Selenium is an essential trace element long known for its antioxidant properties, most or all of which are attributable to selenoproteins. Selenoproteins function in all aspects of life, from early development through diseases associated with aging, and most of the biological processes in between. Considerable progress has been made in our understanding of how selenium is incorporated into selenoproteins, but major gaps in our knowledge remain, including how selenium is preferentially retained and utilized in crucial tissues when the trace element is limiting. Likewise, the mechanisms dictating preferential synthesis of some selenoproteins over others when selenium is deficient remain enigmatic. Selenocysteine is recycled in the body via selenocysteine lyase, and our knowledge about the role of this enzyme in selenium supply is minimal. The overall objectives of this proposal are to elucidate the role of selenocysteine lyase in contributing to the hierarchy of selenoprotein synthesis, and to investigate the contributions of selenocysteine lyase when selenium transport is impaired due to selenoprotein P knockout. The long-term goals of our research are to understand the underlying molecular, cellular and tissue-specific mechanisms behind the regulatory pathways governing selenium distribution and selenoprotein synthesis. Achievement of these goals will provide information that is essential to furthering our understanding of how selenium is utilized for optimum health. Our central hypothesis is that selenocysteine lyase functions in tissue- and selenoprotein-specific recycling of selenocysteine, contributing to mechanisms whereby the most crucial tissues and selenoproteins have priority on selenium when the trace element is limiting. Our central hypothesis will be tested via the following specific aims: 1) characterize the effects of selenocysteine lyase knockout on tissue selenoprotein mRNA and protein expression, and effects on anatomy, physiology, histopathology, neuromotor function and neurobehavior;2) generate combined selenocysteine lyase- selenoprotein P knockout mice, and characterize as described for aim 1;and 3) characterize mRNPs associated with selenoprotein mRNAs that are either preserved or targeted for degradation under the conditions in aims 1 and 2. These studies will provide new insights into the mechanisms of selenium distribution, selenoprotein synthesis, and circumventing nonsense-mediated decay of selenoprotein mRNAs.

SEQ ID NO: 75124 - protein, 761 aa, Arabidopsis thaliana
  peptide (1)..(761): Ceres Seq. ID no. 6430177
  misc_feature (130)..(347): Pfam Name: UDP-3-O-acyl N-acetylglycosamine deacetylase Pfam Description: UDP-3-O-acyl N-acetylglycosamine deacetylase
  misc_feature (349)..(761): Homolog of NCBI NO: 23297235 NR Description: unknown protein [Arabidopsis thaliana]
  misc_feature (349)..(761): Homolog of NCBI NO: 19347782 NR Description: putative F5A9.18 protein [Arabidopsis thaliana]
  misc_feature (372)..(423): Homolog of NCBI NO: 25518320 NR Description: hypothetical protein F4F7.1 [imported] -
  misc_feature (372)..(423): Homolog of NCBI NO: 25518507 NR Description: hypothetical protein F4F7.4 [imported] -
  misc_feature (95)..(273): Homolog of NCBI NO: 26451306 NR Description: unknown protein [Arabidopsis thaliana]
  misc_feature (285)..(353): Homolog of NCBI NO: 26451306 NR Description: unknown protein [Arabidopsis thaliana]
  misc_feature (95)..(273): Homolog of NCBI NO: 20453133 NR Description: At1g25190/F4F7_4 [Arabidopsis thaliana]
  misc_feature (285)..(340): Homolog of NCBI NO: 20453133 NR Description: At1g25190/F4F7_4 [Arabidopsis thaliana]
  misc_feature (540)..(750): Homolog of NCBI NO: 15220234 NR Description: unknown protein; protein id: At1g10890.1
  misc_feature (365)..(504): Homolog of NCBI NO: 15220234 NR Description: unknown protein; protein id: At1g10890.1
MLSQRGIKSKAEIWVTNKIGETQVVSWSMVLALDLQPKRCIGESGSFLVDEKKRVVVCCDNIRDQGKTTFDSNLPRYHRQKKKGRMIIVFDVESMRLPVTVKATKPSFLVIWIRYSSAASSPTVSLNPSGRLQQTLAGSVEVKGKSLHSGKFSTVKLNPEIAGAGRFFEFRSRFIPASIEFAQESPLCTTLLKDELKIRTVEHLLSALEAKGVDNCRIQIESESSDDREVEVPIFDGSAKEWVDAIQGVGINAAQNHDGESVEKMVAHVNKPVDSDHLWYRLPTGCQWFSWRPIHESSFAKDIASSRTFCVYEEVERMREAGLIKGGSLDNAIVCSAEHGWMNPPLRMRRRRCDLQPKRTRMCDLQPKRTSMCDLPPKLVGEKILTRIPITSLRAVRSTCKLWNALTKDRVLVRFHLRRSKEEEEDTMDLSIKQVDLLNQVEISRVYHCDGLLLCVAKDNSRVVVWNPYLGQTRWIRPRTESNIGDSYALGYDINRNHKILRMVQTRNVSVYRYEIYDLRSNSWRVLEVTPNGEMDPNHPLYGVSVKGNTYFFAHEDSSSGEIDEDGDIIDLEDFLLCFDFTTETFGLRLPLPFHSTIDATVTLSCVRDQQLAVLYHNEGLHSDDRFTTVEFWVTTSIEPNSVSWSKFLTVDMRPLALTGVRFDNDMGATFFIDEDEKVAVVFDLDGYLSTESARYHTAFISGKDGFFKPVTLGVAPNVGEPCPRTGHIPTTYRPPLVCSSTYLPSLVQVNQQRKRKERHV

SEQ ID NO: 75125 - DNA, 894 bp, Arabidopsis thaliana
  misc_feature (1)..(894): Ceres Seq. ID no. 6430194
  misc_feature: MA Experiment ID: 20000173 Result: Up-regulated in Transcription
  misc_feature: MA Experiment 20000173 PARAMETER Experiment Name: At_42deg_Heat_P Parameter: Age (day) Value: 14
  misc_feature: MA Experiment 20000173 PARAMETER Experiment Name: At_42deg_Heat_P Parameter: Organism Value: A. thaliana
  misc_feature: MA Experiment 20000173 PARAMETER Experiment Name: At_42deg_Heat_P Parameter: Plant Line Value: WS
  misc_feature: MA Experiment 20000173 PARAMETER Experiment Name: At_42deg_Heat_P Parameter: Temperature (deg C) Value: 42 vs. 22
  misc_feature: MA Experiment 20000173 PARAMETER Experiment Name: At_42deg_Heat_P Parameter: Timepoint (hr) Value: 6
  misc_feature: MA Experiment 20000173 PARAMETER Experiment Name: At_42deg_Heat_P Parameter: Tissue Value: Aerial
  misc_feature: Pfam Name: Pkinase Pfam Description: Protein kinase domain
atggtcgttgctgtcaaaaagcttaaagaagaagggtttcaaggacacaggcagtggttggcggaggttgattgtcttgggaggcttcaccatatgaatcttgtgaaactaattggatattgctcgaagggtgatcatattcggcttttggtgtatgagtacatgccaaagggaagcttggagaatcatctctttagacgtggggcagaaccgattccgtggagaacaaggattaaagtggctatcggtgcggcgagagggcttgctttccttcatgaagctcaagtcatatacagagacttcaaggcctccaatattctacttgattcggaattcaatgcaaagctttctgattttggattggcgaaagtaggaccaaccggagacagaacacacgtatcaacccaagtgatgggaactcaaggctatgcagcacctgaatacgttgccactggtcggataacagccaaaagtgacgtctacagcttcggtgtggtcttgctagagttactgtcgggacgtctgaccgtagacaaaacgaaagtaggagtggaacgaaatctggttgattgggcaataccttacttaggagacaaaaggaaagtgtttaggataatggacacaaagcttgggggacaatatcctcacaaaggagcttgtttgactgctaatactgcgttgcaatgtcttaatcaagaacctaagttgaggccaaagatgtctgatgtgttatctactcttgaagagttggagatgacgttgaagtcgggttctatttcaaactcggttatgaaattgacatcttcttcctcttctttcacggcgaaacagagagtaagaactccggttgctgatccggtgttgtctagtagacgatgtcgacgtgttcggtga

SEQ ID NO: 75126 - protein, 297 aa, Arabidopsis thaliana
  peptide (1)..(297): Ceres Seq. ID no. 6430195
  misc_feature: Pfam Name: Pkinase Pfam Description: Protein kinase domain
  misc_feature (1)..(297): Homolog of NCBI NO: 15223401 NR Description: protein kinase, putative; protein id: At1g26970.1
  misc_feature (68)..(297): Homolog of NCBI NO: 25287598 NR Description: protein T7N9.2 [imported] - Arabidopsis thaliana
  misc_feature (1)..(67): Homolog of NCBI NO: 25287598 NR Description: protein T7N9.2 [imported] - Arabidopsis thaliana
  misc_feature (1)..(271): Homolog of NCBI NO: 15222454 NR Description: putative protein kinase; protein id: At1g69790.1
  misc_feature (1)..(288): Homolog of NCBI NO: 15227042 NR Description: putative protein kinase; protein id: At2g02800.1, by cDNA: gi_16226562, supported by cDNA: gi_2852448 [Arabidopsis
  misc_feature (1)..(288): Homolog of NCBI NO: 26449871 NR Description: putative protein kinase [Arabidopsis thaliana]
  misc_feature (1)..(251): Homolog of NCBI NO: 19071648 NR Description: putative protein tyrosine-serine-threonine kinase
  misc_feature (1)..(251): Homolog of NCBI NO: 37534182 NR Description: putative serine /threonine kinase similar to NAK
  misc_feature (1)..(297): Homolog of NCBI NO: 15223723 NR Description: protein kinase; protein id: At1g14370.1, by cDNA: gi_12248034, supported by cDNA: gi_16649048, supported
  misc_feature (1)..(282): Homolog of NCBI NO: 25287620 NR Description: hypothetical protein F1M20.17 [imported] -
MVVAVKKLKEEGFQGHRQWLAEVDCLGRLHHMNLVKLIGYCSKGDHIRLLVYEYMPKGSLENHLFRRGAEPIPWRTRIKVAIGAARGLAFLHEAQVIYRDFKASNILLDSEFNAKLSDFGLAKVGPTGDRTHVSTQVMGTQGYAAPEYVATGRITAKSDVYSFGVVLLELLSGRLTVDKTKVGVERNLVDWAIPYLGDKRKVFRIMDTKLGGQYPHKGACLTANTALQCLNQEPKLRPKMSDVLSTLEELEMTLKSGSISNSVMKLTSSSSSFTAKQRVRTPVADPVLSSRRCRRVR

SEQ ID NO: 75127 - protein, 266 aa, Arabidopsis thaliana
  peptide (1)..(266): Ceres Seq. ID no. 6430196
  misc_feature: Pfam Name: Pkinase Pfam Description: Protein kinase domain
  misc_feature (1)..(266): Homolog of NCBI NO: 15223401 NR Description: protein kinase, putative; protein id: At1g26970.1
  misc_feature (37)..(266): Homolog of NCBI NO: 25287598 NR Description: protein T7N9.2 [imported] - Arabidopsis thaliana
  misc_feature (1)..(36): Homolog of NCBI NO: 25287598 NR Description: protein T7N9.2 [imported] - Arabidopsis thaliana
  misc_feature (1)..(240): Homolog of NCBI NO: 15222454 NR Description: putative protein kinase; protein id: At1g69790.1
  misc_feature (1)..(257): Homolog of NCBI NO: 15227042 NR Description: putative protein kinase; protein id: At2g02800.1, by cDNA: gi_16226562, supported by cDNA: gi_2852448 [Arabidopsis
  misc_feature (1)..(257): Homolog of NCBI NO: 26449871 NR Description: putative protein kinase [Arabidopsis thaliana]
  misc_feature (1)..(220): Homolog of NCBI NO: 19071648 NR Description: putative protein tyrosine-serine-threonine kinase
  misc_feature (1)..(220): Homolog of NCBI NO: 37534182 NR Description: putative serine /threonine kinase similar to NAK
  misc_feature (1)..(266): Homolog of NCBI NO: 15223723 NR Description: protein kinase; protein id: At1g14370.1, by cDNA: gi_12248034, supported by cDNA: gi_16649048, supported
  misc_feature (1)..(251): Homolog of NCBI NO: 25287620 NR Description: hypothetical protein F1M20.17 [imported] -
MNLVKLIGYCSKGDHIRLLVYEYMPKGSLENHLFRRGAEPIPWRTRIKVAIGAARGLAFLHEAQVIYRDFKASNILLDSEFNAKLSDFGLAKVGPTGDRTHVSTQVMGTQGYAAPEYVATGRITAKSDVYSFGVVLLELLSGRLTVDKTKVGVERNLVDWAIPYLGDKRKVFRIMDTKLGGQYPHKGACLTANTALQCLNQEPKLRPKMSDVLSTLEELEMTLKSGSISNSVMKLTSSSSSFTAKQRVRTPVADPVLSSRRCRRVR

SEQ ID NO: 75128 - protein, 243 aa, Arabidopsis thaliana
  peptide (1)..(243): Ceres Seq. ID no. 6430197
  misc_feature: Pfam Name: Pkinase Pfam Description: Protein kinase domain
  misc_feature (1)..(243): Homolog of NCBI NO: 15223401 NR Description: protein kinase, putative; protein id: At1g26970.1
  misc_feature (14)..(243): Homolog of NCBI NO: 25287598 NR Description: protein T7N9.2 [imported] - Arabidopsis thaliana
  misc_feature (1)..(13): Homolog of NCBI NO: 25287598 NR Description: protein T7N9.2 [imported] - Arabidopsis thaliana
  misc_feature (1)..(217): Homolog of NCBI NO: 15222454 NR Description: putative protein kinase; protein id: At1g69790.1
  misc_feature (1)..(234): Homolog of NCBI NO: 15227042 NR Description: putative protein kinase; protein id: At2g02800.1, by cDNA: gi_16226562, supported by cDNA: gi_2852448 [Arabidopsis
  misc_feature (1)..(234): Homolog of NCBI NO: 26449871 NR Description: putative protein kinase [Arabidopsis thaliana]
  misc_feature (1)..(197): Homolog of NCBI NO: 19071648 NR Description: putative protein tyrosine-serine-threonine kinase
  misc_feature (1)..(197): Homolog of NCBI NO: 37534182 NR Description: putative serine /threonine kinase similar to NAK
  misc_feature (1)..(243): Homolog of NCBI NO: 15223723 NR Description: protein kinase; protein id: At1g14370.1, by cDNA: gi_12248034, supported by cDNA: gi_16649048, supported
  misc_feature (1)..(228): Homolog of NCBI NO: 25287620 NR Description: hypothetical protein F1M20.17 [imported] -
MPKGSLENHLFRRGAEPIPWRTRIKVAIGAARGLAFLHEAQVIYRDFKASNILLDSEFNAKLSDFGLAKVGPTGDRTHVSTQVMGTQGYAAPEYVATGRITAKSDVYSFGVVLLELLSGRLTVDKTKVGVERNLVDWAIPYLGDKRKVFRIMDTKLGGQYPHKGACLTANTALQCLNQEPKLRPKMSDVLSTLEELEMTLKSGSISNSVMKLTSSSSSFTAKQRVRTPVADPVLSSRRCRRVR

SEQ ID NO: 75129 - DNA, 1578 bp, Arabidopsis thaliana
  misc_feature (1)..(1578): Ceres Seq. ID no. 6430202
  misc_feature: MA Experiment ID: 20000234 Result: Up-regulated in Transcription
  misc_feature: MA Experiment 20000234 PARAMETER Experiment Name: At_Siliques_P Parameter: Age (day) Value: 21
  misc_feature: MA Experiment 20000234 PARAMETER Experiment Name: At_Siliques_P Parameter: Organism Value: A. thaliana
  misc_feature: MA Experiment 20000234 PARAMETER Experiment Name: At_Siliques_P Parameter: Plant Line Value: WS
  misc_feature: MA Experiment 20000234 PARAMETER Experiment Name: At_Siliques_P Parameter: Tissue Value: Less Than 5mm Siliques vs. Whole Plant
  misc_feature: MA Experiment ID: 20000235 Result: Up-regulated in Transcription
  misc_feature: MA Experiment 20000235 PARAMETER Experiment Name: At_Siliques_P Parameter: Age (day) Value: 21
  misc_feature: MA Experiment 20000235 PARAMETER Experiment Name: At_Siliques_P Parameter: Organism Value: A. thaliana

Selenium is present in crucial antioxidant and redox enzymes that function in all aspects of life, from early development through diseases associated with aging, and most biological processes in between. We are investigating how cells incorporate selenium into proteins for the optimum health of the organism.
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